ABCC6 and Pseudoxanthoma Elasticum: The Face of a Rare Disease from Genetics to Advocacy.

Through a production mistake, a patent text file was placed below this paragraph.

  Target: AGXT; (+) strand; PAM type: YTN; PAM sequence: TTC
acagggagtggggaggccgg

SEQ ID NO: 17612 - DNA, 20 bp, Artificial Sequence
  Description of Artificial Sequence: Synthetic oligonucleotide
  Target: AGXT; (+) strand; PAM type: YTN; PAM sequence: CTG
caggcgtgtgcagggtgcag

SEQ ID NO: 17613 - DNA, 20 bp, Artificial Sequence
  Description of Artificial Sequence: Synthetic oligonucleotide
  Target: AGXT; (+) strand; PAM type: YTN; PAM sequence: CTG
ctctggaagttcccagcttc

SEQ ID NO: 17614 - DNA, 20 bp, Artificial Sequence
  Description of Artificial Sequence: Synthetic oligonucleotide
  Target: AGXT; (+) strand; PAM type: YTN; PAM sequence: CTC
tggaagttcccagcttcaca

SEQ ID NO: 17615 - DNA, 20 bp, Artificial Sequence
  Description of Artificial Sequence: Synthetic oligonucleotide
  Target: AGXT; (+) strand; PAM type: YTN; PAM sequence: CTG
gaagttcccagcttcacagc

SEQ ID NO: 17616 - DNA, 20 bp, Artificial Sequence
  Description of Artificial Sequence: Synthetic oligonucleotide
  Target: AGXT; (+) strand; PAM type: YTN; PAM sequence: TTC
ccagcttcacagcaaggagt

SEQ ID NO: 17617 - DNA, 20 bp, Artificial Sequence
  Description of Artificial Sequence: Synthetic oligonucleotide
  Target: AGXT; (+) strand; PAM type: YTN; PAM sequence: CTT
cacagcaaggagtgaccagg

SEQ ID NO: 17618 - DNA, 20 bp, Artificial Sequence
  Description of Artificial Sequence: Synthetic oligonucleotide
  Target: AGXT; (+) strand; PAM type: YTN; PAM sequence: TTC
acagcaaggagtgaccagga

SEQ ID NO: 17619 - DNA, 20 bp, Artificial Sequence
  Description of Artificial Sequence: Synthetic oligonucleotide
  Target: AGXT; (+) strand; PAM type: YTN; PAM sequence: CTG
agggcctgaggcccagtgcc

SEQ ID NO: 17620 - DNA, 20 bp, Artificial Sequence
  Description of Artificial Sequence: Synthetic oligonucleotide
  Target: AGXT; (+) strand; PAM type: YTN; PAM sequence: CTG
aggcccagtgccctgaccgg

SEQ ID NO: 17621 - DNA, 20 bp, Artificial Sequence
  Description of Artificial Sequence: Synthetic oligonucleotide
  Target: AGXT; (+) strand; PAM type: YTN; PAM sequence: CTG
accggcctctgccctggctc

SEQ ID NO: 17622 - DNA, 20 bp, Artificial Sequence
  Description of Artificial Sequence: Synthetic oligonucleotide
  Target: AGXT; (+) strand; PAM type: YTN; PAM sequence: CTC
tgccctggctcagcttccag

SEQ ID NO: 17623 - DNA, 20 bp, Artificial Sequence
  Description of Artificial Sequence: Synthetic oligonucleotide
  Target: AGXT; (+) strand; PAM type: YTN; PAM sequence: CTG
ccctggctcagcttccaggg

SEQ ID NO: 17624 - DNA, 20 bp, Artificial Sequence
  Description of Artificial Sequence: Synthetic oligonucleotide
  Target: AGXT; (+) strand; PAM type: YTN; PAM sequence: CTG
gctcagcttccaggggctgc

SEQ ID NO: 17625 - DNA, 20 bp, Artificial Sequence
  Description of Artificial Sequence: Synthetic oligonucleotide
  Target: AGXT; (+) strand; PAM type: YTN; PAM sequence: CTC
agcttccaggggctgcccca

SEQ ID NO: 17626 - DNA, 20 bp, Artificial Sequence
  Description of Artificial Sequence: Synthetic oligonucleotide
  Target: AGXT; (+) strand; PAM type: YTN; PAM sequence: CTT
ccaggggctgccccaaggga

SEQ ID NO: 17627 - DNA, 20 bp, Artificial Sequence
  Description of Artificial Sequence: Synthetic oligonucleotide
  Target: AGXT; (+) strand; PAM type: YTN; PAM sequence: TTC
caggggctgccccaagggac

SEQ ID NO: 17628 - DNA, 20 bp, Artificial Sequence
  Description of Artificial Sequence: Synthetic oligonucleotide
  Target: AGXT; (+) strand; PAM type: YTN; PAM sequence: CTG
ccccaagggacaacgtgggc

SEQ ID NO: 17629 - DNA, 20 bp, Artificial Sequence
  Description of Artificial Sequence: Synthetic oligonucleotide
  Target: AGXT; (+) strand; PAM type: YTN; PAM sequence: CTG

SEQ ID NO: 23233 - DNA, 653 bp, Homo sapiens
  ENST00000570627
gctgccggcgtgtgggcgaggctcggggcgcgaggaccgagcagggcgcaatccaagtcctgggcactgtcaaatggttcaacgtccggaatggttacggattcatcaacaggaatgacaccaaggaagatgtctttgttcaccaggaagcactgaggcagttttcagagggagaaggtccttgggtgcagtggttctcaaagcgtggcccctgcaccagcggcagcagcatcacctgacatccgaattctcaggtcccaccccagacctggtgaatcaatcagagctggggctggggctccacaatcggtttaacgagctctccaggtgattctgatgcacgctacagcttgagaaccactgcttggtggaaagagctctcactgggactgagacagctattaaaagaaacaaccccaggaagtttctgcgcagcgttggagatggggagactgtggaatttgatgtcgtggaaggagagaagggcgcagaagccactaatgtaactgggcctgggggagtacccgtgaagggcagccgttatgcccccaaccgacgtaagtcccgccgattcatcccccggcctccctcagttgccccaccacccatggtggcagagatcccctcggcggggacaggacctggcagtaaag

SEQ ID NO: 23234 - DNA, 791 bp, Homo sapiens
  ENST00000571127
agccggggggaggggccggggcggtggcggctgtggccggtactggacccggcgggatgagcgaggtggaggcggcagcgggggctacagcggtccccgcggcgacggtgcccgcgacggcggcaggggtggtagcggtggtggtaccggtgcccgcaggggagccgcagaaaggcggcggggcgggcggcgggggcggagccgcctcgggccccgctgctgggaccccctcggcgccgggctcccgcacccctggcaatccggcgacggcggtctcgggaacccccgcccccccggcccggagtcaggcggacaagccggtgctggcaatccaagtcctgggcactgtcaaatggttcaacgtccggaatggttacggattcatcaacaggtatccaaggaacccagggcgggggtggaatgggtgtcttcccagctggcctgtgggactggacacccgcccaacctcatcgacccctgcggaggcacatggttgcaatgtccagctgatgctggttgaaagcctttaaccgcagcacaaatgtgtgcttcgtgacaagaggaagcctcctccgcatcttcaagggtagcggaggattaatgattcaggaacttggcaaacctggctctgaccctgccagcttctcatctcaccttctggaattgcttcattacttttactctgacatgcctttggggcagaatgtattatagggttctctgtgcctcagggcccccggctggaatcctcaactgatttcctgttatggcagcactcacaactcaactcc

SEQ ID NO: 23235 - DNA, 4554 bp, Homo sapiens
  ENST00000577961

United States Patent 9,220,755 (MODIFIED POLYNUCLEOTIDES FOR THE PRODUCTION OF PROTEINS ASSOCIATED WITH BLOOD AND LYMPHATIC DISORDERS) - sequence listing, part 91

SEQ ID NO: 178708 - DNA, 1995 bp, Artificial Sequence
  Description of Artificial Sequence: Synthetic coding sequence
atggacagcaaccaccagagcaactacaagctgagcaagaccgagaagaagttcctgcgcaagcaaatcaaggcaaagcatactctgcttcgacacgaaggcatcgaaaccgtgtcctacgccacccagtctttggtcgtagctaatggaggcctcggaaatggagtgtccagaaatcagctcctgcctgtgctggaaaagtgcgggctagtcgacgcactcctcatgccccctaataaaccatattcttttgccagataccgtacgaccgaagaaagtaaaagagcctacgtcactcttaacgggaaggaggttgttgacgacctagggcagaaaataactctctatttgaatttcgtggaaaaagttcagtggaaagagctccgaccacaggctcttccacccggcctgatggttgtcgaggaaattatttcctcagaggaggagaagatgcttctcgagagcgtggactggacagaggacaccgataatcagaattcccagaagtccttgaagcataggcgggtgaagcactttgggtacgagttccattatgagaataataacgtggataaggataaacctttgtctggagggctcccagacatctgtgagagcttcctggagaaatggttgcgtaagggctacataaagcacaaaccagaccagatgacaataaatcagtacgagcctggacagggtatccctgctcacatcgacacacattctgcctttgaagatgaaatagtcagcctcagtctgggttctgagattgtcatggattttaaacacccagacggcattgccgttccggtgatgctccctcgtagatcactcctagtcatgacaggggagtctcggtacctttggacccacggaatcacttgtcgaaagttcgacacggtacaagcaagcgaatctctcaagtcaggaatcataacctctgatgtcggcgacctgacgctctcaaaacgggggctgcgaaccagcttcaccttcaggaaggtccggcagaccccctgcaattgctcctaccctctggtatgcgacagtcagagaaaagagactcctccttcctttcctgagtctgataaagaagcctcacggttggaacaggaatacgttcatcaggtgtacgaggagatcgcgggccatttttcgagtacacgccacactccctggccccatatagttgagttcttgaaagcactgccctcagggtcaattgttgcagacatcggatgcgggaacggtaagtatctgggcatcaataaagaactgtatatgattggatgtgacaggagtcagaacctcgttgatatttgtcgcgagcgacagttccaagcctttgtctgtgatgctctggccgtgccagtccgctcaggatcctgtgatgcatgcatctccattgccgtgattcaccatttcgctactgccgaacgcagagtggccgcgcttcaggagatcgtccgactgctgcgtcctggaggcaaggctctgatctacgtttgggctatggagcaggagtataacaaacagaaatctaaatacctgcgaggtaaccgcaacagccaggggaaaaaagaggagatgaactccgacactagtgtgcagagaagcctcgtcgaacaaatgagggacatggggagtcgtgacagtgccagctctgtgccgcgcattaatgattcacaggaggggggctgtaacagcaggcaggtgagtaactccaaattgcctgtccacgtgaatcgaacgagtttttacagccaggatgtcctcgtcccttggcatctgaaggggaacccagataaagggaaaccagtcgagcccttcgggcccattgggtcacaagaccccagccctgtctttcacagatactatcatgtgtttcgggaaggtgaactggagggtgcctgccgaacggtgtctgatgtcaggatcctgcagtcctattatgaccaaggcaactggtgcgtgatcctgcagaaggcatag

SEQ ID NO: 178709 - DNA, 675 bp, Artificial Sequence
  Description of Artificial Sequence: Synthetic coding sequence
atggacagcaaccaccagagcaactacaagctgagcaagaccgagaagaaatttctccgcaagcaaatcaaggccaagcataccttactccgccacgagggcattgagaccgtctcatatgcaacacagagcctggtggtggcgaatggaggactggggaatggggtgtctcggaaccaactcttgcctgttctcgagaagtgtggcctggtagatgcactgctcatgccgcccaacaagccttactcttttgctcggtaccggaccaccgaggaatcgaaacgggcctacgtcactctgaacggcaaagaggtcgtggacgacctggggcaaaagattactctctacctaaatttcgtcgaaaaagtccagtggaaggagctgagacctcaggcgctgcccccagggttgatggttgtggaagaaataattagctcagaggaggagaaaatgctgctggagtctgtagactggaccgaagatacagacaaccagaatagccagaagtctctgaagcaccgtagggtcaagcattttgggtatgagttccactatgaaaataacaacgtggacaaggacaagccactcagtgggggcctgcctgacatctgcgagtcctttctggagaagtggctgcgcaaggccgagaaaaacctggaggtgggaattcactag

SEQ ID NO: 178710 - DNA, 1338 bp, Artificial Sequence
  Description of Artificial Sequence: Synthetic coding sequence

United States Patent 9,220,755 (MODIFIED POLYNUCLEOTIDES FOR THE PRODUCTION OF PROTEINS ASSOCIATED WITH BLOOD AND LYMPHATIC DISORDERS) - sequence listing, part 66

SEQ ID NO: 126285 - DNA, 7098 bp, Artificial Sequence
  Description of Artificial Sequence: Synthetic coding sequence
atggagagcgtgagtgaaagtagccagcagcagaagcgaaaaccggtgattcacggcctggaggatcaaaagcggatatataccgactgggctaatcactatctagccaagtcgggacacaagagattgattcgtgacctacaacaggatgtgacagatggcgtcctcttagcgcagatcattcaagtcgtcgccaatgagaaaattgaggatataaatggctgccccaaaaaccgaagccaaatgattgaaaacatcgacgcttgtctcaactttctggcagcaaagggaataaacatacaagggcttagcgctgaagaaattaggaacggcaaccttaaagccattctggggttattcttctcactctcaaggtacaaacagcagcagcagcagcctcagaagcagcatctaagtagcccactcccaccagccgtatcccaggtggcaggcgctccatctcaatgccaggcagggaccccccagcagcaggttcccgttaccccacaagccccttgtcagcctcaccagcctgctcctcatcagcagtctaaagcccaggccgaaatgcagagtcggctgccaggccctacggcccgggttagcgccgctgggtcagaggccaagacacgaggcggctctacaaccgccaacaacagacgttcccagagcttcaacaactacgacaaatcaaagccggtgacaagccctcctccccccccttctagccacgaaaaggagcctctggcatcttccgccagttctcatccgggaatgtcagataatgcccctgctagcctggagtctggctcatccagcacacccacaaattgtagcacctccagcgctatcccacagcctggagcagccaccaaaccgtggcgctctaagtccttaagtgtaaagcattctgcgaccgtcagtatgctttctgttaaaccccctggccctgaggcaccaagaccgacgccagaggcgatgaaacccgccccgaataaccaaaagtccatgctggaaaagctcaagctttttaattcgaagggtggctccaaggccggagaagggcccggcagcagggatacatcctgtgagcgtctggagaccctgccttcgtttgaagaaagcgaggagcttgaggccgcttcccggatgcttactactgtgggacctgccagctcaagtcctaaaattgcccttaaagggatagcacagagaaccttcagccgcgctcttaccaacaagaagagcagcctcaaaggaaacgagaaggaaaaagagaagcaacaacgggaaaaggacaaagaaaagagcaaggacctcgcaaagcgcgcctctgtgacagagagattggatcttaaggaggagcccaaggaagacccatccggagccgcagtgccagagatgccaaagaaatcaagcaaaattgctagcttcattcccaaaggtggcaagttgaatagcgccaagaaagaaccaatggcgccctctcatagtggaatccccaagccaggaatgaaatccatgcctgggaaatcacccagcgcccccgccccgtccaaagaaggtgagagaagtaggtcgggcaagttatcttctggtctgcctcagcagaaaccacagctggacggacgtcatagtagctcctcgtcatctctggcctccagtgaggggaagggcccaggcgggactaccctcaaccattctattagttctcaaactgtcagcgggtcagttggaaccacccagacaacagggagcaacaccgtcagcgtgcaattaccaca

Pseudoxanthoma elasticum (PXE) is an autosomal recessive disorder characterized by the mineralization of connective tissues in the body. Primary manifestation of PXE occurs in the tissues of the skin, eyes, and cardiovascular system. PXE is primarily caused by mutations in the ABCC6 gene. The ABCC6 gene encodes the trans-membrane protein ABCC6, which is highly expressed in the kidneys and liver. PXE has high phenotypic variability, which may possibly be affected by several modifier genes. Disease advocacy organizations have had a pivotal role in bringing rare disease research to the forefront and in helping to sustain research funding for rare genetic diseases in order to help find a treatment for these diseases, pseudoxanthoma elasticum included. Because of these initiatives, individuals affected by these conditions benefit by being scientifically informed about their condition, having an effective support mechanism, and also by contributing to scientific research efforts and banking of biological samples. This rapid progress would not have been possible without the aid of disease advocacy organizations such as PXE International.

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